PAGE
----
Bonifacio enjoys a superbly isolated location at Corsica's southernmost point, a narrow peninsula of dazzling white limestone creating a town site unlike any other. The much-photographed haute ville, a maze of narrow streets flanked by tall Genoese tenements, rises seamlessly out of sheer cliffs that have been hollowed and striated by the wind and waves, while on the landward side the deep cleft between the peninsula and the mainland forms a perfect natural harbour.
A haven for boats for centuries, this inlet is nowadays a chic marina that attracts yachts from around the Med. Separated from the rest of the island by a swathe of dense maquis, Bonifacio has maintained a certain temperamental detachment from the rest of Corsica, and is distinctly more Italian than French in atmosphere. the town retains Renaissance features found only here, and its inhabitants have their own dialect based on Ligurian, a legacy of the days when this was practically an independent Genoese colony.
Such a place has its inevitable drawbacks: exorbitant prices, overwhelming crowds in August and a commercial cynicism that's atypical of Corsica as a whole. However, the old town forms one of the most arresting spectacles in the Mediterranean, easily transcending all the tourist frippery that surrounds it, and warrants at least a day-trip. If you plan to come in peak season, try to get here early in the day before the bus parties arrive at around 10am.
The most vivid view of Bonifacio is from aboard a boat in the sapphire-blue Bouches de Bonifacio (Strait of Bonifacio). This stunning 12km strait channels between Corsica’s southernmost tip and the Italian island of Sardinia. From the water, the tall, sun-bleached buildings of Bonifacio’s citadel appear to morph seamlessly into the serrated white limestone cliffs rising up from the sea. Within the clifftop citadel is a charming maze of alleyways with a distinct medieval feel.
A sheer 70m below, on the northern side, is Bonifacio’s vibrant port, which spills over with café terraces, shops and – as Corsica’s most visited town – more than a few tourists in summer.
Several notable sites can be seen in the town, including the 'Staircase of the King of Aragon' cut into the stone to reach the old town above; the monument to the dead; and a sprinkling of attractive churches among the medieval buildings.
The town is a major centre for sea based leisure activities sich as yachting and diving. Be aware that the success of the yachting is partly due to the fact that Bonifacio is one of the windiest places in France! Note that all this excess of activity and pleasure does mean the town gets rather busy in the summer months - not unusual in many of the towns in Corsica - but it is still highly recommended.
Places to visit near Bonifacio
The region around Bonifacio is perhaps best known for having some of the most magnificent beaches on the island - indeed some of the best in the Mediterranean (see also Corsica beaches) - including those at Palombaggia and Saint Giulia. Tear yourself away from the beach to visit:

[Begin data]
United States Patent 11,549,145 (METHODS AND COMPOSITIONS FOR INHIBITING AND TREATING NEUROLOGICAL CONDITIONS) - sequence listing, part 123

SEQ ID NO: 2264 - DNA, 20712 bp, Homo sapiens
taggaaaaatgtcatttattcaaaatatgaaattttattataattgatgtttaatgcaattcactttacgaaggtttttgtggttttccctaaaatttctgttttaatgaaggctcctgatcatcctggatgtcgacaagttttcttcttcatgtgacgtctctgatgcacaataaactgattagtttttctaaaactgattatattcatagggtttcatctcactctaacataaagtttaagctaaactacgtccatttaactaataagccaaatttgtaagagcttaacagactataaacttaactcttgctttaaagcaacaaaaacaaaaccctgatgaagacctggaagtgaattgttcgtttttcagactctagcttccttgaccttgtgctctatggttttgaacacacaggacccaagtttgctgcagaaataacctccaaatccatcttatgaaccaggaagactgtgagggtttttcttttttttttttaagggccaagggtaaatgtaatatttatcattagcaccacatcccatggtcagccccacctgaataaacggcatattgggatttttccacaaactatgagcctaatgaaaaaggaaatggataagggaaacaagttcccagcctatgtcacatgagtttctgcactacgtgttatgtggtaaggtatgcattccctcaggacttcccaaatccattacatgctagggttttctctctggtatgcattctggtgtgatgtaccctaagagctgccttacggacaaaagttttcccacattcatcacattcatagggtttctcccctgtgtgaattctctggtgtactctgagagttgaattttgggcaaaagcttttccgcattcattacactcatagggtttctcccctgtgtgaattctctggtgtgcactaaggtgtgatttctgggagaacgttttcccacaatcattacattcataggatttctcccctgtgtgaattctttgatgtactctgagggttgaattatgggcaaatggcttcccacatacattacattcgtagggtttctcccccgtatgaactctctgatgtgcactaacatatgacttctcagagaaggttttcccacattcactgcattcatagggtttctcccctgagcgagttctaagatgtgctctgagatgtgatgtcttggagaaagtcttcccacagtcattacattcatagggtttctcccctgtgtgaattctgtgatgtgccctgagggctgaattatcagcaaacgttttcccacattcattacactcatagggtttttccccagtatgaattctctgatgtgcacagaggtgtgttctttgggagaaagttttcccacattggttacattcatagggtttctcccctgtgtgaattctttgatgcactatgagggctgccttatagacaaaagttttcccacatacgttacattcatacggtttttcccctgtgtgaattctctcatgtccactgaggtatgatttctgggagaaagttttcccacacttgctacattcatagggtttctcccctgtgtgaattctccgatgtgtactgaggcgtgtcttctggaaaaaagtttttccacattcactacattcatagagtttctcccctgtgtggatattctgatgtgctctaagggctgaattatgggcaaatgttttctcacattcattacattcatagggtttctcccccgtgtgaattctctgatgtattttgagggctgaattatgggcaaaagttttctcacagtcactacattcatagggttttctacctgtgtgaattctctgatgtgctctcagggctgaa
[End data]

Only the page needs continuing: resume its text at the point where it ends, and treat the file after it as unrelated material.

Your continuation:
- The Lavezzi Islands, a designated marine preserve, are just off Bonifacio and can be visited by boat.
- Places of natural beauty in the region include the Col de Bavella and Alta Rocca
- The prehistoric sites at Filitosa, Casteddu de Cucuruzzu and Palaghju provide an interesting insight into Corsica's long and colourful history.
The cafés around the port are an excellent place to watch the world go by, and there are numerous restaurants. There's also a tiny but interesting aquarium on the port which children and adults enjoy. Walk or take the tourist train from the port up to the old town at top of the hill. Look over the wall here and you'll see the grain de sable, a massive chunk of limestone cliff that's fallen into the sea, which is the subject of thousands of postcards. The steps here seem never-ending but do lead down to a tiny scrap of beach where you can then turn left to start the clifftop walk.
Alternatively, you can drive up to the old town and leave the car in one of the car parks by the cemetery. From here it's a flatter walk into the old town, which is a delightful place to explore. The view from the cliffs is superb. You can visit the churches and ramparts with narrow streets full of shops and cafés. The marine cemetery at the far end of the cliff top by all the car-parks is much visited as it's full of extraordinarily elaborate mausoleums.
Heading north up the coast from Bonifacio is a series of spectacular sandy bays, all breathtaking in their natural splendour. The closest being the hamlet of Santa Manza, set 10 kilometres east of Bonifacio. With a family friendly beach and a gently shelving shore it is perfect for children and popular with watersports enthusiasts, particularly windsurfers due to the favourable winds.
Rondinara is a natural formed horseshoe bay with fine white sands which slope gently into the turquoise waters. A simply stunning beach, it is flanked on one side by pine trees and a protected nature reserve on the other.